By Graham Earnshaw, Reuters
PYONGYANG, Dec 4, Reuter – North Korea, arguably the world’s most secretive country, is considering opening its doors to western tourism and might even offer visas at the border from next year, a North Korean tourism official said.
The communist government in Pyongyang remains deeply suspicious of foreigners and seems intent on stopping outside influences seeping into its hermetically-sealed society.
But with its large foreign debt, believed to be around 1.5 billion dollars, and depressed prices for its main export commodities, Pyongyang needs every dollar it can get.
A tourist official told western journalists visiting the country last week that about 20,000 tourists visited North Korea last year, all but a few hundred of them from Soviet bloc countries.
A foreign tourism expert said North Korea had begun allowing in tours from the West for the first time only this year.
“North Korea is now opening up to the world and wants to acept more tourists,” the North Korean official said.
“The main problem at the moment is that people don’t seem to know that it is possible to come here so we must make greater efforts at advertising overseas,” he added.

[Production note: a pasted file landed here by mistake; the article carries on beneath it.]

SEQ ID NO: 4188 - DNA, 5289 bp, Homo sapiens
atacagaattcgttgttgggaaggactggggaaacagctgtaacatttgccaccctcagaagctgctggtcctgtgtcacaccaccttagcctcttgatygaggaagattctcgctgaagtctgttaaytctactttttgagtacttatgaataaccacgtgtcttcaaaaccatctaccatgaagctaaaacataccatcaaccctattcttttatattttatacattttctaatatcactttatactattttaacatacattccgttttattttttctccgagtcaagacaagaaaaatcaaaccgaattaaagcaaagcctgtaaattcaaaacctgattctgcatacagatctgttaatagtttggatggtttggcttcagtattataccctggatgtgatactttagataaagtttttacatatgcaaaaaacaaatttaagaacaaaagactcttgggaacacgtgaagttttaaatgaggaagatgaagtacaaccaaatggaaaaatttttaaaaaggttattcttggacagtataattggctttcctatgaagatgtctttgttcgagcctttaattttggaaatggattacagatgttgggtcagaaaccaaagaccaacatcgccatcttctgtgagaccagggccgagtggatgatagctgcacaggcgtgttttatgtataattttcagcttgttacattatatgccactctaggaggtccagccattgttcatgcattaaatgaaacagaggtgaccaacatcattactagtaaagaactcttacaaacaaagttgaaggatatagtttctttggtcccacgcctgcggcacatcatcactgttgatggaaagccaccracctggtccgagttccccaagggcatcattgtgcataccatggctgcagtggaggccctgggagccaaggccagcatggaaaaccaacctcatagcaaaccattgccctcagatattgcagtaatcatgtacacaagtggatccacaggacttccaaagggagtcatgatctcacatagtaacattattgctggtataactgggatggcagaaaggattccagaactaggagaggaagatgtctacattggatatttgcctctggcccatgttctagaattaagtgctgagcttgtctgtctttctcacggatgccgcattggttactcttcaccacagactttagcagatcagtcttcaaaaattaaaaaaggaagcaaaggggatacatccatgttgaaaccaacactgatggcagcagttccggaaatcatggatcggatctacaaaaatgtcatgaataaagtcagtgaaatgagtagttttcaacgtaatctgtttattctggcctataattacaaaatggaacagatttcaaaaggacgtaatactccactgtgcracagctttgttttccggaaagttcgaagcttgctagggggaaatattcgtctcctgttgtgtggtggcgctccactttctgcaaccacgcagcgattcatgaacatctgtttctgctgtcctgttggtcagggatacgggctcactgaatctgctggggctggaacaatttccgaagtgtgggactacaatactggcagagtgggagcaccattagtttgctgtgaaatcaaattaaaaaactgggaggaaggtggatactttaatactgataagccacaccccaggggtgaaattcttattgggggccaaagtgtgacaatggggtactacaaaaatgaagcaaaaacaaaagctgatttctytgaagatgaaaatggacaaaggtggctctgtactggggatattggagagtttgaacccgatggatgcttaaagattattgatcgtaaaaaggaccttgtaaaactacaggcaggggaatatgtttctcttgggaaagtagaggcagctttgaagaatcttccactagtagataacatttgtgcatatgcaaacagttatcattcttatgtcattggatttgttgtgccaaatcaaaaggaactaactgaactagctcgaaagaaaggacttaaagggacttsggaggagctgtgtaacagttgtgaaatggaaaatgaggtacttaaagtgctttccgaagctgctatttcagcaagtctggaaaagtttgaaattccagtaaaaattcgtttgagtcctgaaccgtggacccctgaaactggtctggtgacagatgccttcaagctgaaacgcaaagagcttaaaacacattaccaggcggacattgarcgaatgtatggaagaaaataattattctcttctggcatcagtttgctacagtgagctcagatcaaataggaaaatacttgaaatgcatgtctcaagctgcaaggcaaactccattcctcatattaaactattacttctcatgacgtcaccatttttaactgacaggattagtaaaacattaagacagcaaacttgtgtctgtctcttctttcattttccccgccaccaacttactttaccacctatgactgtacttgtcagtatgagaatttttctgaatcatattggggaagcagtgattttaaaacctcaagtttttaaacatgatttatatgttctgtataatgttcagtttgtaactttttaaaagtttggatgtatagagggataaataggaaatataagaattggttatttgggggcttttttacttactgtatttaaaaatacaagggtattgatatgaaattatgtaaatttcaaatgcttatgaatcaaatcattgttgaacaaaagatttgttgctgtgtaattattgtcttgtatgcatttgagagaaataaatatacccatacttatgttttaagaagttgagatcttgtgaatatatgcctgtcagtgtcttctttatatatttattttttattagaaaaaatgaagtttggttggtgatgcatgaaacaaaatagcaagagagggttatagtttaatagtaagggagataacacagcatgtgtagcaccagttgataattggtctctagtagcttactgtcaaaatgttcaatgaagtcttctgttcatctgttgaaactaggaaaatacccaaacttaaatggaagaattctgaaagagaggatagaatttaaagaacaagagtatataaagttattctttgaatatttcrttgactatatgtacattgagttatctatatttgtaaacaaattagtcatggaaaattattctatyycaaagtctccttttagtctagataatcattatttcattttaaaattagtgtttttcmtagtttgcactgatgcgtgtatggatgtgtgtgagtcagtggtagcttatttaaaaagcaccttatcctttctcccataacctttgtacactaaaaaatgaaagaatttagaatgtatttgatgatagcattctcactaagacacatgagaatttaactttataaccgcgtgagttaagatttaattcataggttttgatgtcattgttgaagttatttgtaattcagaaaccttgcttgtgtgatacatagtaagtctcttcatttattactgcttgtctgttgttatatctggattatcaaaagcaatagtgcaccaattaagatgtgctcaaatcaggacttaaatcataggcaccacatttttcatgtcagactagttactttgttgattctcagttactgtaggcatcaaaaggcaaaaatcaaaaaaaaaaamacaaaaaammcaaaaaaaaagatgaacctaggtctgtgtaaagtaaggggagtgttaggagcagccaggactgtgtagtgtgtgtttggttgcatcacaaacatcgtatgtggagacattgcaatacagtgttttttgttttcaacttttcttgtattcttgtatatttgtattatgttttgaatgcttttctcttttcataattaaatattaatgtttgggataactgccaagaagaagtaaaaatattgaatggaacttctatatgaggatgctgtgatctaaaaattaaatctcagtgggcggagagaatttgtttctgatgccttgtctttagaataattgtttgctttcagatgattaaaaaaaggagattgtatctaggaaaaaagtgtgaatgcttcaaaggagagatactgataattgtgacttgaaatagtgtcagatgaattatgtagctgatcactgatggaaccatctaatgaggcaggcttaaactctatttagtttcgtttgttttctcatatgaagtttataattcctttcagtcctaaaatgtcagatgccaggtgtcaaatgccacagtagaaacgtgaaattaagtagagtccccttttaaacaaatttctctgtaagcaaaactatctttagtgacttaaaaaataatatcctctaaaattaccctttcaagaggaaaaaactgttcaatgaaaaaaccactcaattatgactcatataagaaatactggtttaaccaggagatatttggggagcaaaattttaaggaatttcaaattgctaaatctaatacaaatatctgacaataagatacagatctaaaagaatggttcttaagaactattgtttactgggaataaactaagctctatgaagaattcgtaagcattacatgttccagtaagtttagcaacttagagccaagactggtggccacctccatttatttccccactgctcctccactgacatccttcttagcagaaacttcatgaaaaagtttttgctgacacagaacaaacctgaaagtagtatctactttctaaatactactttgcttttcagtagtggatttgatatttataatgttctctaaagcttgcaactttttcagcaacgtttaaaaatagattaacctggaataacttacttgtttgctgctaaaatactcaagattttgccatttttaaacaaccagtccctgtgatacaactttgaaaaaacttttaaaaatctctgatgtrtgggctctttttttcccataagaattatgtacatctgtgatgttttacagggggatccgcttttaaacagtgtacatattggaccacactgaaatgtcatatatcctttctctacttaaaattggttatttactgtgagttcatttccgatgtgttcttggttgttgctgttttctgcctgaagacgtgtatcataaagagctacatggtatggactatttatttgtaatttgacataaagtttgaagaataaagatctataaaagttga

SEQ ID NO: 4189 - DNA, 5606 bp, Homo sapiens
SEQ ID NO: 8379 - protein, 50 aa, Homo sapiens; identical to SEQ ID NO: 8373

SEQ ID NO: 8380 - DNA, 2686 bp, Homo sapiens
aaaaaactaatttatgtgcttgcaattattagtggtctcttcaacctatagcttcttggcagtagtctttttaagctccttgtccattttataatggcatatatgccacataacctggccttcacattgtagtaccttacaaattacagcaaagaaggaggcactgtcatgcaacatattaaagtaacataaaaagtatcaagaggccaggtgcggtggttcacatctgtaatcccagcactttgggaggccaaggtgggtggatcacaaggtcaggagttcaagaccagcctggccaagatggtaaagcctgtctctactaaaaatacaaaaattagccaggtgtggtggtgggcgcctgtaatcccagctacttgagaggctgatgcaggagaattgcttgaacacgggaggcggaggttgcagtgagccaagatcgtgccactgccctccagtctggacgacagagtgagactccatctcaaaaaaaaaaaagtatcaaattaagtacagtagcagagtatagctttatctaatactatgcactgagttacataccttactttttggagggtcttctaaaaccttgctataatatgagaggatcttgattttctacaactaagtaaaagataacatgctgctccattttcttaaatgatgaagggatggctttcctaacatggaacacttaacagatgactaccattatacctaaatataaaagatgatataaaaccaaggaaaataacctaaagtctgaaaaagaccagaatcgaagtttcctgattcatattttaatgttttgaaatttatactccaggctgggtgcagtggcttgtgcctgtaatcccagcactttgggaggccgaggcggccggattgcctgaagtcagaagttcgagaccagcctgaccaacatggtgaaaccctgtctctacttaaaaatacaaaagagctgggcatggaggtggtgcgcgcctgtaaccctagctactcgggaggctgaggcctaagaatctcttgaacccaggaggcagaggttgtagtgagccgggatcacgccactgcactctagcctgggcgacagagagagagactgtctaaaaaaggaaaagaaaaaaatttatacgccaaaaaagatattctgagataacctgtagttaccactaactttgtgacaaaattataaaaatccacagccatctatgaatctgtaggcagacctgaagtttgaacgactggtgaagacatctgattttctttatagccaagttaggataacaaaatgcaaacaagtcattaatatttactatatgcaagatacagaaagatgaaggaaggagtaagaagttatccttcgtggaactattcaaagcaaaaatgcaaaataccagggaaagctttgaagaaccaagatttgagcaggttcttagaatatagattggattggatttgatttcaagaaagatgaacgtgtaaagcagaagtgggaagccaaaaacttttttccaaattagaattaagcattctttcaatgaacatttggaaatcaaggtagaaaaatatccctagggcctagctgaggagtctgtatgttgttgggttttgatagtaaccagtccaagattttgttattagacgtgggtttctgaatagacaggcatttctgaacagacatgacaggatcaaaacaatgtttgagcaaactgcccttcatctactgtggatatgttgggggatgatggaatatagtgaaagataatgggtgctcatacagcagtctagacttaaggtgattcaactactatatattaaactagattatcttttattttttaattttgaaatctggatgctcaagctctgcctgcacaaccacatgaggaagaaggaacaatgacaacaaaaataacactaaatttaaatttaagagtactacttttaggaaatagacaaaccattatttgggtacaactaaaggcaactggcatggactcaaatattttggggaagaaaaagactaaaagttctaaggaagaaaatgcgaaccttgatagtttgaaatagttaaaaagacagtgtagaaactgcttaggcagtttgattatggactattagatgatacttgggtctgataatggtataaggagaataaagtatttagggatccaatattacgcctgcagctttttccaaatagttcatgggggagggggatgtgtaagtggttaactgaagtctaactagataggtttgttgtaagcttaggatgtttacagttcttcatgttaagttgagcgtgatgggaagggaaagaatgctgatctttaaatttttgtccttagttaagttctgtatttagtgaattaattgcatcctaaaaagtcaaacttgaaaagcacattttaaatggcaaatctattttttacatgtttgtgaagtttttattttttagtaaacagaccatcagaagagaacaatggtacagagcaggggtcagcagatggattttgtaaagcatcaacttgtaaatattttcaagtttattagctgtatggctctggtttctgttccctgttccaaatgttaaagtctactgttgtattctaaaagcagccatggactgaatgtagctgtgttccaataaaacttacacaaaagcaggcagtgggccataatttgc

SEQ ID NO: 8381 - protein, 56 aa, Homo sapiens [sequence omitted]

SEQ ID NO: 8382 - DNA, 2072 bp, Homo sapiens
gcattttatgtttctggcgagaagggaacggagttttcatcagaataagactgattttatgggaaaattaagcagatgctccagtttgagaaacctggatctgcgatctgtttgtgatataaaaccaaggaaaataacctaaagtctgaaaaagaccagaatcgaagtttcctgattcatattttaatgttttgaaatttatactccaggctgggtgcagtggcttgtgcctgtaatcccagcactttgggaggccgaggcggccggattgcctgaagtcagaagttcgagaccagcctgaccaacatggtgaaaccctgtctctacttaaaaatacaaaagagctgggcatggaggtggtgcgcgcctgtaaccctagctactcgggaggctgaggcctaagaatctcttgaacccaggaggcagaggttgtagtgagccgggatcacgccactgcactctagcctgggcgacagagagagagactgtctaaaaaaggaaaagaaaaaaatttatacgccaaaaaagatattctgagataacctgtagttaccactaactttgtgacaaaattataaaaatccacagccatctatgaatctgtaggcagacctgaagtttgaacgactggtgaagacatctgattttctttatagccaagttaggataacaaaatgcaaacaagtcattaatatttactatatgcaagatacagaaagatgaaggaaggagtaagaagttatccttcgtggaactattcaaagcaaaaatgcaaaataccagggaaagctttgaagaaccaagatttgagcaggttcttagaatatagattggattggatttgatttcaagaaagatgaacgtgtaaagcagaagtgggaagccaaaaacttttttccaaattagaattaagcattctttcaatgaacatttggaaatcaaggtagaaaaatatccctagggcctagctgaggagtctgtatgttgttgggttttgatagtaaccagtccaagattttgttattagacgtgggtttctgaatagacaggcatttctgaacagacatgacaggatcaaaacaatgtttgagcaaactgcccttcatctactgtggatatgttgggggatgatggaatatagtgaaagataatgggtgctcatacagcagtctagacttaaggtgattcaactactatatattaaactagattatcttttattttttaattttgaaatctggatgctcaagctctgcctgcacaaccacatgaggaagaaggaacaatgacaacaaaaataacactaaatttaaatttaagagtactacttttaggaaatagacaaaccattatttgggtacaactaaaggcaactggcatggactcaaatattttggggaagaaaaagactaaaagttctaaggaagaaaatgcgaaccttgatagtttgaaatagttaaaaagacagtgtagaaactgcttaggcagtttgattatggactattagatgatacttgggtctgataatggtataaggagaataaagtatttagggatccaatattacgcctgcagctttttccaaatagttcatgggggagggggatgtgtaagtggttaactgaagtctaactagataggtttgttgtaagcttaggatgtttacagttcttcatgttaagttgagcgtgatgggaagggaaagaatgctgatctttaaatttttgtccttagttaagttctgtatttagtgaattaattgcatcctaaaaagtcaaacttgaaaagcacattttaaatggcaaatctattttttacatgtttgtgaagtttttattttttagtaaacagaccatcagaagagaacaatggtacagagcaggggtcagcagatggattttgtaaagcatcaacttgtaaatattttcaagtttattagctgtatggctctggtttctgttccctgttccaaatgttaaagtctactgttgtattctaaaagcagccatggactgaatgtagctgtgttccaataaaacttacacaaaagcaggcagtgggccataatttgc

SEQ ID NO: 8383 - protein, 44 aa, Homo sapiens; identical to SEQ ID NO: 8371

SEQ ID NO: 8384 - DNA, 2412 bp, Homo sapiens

Another problem, foreigners here say, is that the state security authorities could be expected to object to a large influx of foreign tourists.
All visitors are carefully watched and are often followed by plain-clothes agents if they break away from their tour group and go for so much as a walk on the streets.
Even so, the tourism official was optimistic. He said that “from next year, we intend to make it possible for people to get visas issued at the border or at the airport on arrival.”
Foreigners here were sceptical that the idea would be put into effect.
New hotels have been built in some potential tourist destinations but at present they are all virtually empty.
The huge twin-tower, 45-storey Koryo Hotel in central Pyongyang, which opened in August, last week appeared to have no more than 20 rooms of its rooms occupied.
The foreign expert said North Korean authorities were now eager to take as many tour groups as possible but he added that they were woefully unprepared for large-scale tourism.
“There is some curiosity value in North Korea but generally speaking there is not going to be a big market for tours,” he said.
“The real potential is in the United States and Japan but the North Koreans at the moment still refuse to give tourist visas to Americans and Japanese on ideological grounds,” he added. REUTER